Kirsten Behling, associate dean of student accessibility and academic resources at the StAAR Center, explained the communication that the center does.

“We work to connect with students and professors in many different ways.

… We also offer one-on-one meetings with students and professors who may have questions about specific accommodations or need more information about their role in the process,” she wrote in an email to the Daily.

Ruane agreed from the perspective of professors who may not be experts in accessibility and accommodations.

“We can communicate with the StAAR Center and there [are] great people out there that we’ve worked with [on complex accommodations, because] we don’t know how [some accommodations] look in a math class,” she said.

leandra Elion, who teaches the course Disability and Difference in Children in the child study and human development department, has a fresh perspective about professors being more in control of making their classrooms accessible.

“I feel like I understand all the accommodations that are available to students through the StAAR Center, … and I’ve tried to incorporate that into my class so that students can see I’m explicit about it,” she said.

Elion expressed that it could be more difficult for other professors with required material to cover to make the same changes in the classroom as she did.

Ruane expressed a similar sentiment.

“There’s a certain responsibility we have in foundational classes that build upon each other and that other departments [expect] students have taken, [like] calculus or physics … [and professors expect] that [students] have a certain body of knowledge,” she said. “We feel an obligation to make sure that’s happening, or at least present it so that students have the opportunity to learn it.”

STEM classes, math ones in particular, are usually quite cyclical with assignments being turned in weekly. Ruane feels as though she and other members of her department find some accommodations dealing with assignment extensions difficult because students may fall behind.

“That is a disaster from the viewpoint of multisection courses … and pedagogically, we don’t see it as something that could possibly be helping the student,” she said. There’s a machine in place and when one little thing goes off that machine, parts start flying everywhere.”

Elion expressed that the Center for the Enhancement of l earning and Teaching at Tufts offers resources from workshops to faculty study groups to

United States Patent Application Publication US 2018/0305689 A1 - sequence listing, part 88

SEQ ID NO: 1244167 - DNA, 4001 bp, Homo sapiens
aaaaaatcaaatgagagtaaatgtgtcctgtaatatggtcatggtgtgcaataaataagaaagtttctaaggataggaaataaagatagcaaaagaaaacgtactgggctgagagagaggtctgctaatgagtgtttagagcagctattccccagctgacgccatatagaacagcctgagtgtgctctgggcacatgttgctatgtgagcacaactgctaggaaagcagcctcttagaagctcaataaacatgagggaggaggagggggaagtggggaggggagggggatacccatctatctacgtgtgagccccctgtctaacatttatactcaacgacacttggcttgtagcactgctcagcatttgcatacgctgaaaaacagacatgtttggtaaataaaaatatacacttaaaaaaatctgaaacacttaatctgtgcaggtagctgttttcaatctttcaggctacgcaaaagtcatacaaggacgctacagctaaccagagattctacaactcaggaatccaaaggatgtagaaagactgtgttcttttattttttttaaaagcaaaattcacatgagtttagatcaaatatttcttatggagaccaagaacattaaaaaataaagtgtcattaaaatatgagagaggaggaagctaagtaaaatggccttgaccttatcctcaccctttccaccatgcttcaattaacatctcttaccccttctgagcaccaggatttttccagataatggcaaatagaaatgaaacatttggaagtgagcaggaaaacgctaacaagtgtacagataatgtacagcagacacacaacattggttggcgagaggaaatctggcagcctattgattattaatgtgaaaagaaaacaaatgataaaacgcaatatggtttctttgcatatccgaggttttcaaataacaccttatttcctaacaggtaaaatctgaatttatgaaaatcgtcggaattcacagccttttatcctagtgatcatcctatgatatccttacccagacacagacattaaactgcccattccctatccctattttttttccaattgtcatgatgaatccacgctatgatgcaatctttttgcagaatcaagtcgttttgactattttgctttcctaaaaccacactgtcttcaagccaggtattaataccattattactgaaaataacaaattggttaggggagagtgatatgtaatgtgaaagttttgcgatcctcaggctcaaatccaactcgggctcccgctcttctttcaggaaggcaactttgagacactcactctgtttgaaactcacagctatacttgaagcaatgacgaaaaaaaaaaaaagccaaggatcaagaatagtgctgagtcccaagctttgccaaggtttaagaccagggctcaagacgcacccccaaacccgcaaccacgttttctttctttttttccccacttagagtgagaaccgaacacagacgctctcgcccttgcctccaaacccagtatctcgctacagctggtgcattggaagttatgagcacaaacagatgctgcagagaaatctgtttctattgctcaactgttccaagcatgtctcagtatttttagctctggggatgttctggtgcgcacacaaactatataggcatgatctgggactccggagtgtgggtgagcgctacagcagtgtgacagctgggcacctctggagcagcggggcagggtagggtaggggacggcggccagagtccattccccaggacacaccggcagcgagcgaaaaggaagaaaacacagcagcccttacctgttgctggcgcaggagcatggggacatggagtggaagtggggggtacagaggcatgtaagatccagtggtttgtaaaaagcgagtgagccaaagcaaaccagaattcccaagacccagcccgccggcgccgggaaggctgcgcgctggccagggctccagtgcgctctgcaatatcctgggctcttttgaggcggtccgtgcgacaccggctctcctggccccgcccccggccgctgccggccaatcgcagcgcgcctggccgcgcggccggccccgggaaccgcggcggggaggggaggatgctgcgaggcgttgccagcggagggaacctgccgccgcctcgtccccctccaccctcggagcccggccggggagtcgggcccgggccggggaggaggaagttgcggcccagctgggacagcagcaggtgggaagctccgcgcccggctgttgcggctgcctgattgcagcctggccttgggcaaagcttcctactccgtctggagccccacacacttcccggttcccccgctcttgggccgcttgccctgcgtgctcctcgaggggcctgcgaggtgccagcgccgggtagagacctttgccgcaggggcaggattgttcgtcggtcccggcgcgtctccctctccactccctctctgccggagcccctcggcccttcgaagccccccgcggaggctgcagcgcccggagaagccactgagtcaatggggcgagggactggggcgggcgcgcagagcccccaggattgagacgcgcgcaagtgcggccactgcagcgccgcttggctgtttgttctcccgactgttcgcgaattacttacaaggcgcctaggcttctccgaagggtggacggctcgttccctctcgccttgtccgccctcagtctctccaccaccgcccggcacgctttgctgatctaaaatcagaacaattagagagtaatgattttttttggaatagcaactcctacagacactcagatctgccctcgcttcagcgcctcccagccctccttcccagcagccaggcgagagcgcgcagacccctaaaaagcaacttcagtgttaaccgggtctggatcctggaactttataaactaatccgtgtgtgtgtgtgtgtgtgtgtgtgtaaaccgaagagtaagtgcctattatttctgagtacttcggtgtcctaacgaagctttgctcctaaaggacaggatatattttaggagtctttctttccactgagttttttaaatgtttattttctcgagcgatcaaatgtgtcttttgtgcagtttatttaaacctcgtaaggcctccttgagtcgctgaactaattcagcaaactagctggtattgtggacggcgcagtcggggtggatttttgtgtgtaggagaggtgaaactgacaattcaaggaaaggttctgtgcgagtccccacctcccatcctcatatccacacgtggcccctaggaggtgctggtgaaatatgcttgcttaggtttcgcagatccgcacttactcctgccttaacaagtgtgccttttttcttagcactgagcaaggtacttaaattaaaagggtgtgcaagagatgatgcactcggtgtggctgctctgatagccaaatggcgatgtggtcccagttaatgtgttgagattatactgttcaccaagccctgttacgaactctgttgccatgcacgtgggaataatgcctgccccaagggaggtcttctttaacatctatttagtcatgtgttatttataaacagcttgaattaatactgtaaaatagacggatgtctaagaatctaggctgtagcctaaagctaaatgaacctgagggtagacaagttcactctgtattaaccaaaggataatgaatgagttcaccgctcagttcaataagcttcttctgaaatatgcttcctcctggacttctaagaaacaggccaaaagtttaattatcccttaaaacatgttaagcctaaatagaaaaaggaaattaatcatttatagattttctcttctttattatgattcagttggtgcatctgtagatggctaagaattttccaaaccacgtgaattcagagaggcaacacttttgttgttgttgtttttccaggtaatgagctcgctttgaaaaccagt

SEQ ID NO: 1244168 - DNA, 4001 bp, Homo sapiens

help faculty best build accommodations into their course design, which can help keep the “machine” more intact.

Ruane shared her frequent participation in CElT workshops and how helpful they have been in making her classroom both more accessible and inclusive.

“Just [at the] base level, they’re great because you get to talk to other people that care about teaching,” she said.

Heather Dwyer, the associate director for teaching, learning and inclusion at CE lT, elaborated on professors increasing academic accessibility in the classroom.

“Academic accessibility is largely about changing the learning environment proactively so that more students can access learning materials and experiences,” she wrote in an email to the Daily.

She gave some examples of ways in which teachers can implement classroom changes.

“Universal Design for l earning (UD l ) is a useful framework for thinking about accessibility. In this framework, instructors consider how to provide students with multiple means of engagement, representation, action/ expression,” she wrote.

These practices are not only beneficial for students with accommodations already but also those who just have a different way of learning information.

In the end, academic accessibility is a complex and intersectional topic.

“Disabled or not, accessibility is a blanket affecting everything that happens here on campus from your political activists who are protesting for a cause to your students who are just trying to get through [organic chemistry],” Webb said. “When we’re talking about accessibility, on campus, it’s all soup — it is all mixed together. It is all one thing. But there is no one good answer, there’s no ‘one size fits all.’”